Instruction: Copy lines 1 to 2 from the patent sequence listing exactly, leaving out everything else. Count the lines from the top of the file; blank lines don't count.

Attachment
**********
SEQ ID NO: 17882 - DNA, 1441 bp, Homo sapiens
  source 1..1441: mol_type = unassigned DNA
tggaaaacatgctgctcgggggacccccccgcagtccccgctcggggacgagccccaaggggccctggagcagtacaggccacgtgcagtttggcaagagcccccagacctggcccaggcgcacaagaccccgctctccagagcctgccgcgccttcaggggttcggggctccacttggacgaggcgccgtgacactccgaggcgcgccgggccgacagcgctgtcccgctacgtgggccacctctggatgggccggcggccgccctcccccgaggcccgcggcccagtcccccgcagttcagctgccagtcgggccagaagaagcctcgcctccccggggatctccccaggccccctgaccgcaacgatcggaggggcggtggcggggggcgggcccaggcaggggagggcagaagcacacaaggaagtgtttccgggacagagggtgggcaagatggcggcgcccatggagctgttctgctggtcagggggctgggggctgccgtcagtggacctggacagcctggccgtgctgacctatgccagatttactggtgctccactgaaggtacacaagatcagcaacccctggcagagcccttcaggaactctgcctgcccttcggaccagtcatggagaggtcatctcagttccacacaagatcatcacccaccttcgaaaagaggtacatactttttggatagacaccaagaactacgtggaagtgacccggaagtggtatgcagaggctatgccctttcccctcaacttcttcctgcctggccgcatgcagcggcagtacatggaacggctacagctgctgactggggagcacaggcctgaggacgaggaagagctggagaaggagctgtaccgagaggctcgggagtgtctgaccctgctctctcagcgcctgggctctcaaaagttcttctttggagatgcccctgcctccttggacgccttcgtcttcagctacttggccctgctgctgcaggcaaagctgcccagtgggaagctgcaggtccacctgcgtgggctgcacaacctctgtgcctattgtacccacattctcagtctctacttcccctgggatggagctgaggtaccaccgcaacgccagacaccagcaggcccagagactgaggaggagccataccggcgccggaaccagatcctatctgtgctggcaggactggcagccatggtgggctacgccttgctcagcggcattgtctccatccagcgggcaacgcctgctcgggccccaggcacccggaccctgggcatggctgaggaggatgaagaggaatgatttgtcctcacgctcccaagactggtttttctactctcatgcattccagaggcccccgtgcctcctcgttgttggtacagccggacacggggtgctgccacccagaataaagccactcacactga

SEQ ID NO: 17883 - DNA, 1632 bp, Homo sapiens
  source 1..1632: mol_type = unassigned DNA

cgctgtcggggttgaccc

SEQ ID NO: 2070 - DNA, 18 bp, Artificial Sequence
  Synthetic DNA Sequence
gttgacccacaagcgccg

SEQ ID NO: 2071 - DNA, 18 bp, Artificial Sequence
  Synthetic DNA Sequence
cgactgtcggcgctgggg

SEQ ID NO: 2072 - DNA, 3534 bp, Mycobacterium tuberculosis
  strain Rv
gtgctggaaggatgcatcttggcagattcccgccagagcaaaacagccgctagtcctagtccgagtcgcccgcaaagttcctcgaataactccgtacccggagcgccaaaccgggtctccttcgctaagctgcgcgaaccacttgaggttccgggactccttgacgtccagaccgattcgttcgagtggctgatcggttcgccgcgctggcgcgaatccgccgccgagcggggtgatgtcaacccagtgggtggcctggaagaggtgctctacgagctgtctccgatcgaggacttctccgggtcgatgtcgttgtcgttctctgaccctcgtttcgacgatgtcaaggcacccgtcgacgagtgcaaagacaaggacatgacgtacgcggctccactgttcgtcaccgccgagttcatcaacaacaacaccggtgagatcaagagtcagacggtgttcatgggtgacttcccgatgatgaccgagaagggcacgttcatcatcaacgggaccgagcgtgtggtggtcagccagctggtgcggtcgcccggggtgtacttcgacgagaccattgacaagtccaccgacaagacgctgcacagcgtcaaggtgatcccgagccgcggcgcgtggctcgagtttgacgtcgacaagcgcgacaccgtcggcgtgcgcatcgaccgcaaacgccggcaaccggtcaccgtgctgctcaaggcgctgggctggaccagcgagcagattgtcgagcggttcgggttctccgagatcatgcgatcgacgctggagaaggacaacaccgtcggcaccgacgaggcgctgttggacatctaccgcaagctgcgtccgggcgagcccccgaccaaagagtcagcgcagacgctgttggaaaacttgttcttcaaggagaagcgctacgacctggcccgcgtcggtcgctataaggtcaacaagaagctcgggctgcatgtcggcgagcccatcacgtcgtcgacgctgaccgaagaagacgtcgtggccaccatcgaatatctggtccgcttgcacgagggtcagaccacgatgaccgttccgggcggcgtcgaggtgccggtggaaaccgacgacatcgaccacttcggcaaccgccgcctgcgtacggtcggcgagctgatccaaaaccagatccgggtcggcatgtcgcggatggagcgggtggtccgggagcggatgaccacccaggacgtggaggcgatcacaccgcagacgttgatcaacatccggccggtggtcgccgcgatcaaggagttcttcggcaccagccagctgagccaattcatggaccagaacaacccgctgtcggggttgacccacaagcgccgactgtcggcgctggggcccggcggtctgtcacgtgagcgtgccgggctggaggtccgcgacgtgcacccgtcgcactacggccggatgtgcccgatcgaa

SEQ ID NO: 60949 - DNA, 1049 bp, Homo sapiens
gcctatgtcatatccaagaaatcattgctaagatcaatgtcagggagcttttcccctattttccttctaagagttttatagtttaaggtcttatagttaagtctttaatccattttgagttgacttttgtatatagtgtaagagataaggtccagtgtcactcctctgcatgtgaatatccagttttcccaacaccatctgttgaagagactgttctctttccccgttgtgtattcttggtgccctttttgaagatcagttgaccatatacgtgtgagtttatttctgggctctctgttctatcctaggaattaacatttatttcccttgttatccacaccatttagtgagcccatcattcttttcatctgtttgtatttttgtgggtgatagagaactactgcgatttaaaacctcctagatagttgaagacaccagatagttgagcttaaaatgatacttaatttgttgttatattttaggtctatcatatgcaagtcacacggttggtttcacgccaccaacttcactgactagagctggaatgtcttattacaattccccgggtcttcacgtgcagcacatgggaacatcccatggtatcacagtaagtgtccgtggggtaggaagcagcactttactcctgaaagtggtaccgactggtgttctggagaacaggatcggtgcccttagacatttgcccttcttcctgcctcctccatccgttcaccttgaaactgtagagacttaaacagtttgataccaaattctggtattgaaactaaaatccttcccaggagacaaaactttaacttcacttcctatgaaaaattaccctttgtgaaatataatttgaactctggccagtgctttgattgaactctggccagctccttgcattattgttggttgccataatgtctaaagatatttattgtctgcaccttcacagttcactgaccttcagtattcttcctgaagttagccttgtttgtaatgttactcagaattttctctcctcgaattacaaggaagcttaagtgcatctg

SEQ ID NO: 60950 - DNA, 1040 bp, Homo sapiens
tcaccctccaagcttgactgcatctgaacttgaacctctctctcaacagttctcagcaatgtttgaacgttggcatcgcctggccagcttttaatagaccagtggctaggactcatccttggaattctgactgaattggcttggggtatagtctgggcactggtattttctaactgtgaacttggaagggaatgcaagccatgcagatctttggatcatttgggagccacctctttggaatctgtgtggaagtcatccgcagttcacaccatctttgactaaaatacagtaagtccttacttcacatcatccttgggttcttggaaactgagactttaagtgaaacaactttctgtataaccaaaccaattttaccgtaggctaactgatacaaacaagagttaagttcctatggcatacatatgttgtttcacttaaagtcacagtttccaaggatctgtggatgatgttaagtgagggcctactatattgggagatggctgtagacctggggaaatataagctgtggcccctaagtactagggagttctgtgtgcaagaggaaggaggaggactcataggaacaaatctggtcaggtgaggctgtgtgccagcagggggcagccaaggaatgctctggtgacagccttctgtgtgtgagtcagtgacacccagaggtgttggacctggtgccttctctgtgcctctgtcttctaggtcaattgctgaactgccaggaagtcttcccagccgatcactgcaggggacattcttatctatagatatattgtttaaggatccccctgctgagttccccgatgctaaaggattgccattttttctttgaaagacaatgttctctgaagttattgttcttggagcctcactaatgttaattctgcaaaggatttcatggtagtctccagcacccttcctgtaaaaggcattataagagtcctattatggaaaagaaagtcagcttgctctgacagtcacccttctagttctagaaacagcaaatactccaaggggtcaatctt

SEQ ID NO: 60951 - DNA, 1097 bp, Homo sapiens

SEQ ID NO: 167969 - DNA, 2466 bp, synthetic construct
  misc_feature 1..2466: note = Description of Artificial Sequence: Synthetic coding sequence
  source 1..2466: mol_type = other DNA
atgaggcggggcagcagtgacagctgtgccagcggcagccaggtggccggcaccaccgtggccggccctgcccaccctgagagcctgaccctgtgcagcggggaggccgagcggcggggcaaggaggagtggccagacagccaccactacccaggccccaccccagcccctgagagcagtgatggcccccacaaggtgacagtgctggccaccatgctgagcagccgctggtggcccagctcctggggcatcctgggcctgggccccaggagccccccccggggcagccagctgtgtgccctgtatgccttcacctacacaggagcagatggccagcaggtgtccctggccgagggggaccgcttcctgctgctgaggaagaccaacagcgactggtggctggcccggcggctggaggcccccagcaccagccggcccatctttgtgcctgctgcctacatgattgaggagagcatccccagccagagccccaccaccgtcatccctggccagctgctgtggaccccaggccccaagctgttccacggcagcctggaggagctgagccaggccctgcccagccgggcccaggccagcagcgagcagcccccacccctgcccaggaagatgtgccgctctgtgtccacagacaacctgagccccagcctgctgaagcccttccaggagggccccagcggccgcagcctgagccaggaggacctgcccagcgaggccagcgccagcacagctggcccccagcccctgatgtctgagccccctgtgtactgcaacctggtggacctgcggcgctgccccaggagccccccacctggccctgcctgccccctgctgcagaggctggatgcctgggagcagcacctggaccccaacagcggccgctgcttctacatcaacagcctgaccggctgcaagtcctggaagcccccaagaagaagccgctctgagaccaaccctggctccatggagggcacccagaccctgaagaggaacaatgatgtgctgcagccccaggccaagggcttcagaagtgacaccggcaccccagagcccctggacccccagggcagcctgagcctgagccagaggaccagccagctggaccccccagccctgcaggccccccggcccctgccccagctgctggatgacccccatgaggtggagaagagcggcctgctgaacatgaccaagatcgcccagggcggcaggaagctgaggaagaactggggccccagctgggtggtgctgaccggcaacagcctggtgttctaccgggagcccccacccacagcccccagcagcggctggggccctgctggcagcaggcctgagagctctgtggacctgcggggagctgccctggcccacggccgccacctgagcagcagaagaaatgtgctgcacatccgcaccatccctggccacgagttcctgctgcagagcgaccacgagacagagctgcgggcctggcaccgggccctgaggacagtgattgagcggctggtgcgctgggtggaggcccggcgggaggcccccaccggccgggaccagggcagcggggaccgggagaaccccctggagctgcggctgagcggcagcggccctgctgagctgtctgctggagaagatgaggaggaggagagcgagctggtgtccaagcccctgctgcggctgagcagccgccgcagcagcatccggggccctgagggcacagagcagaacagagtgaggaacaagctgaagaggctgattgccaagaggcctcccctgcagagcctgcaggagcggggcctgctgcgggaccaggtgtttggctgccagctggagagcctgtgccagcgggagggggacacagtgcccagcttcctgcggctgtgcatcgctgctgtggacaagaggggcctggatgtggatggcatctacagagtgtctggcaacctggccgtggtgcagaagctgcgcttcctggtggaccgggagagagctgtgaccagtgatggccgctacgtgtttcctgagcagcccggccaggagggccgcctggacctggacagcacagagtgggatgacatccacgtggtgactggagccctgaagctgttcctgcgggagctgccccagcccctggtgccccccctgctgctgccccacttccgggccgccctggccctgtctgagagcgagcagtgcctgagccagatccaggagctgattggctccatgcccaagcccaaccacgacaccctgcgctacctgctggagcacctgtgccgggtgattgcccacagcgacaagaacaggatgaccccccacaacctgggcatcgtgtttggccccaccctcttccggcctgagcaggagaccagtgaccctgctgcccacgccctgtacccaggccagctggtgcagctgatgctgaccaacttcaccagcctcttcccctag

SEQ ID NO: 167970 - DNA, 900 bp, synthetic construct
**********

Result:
SEQ ID NO: 17882 - DNA, 1441 bp, Homo sapiens
  source 1..1441: mol_type = unassigned DNA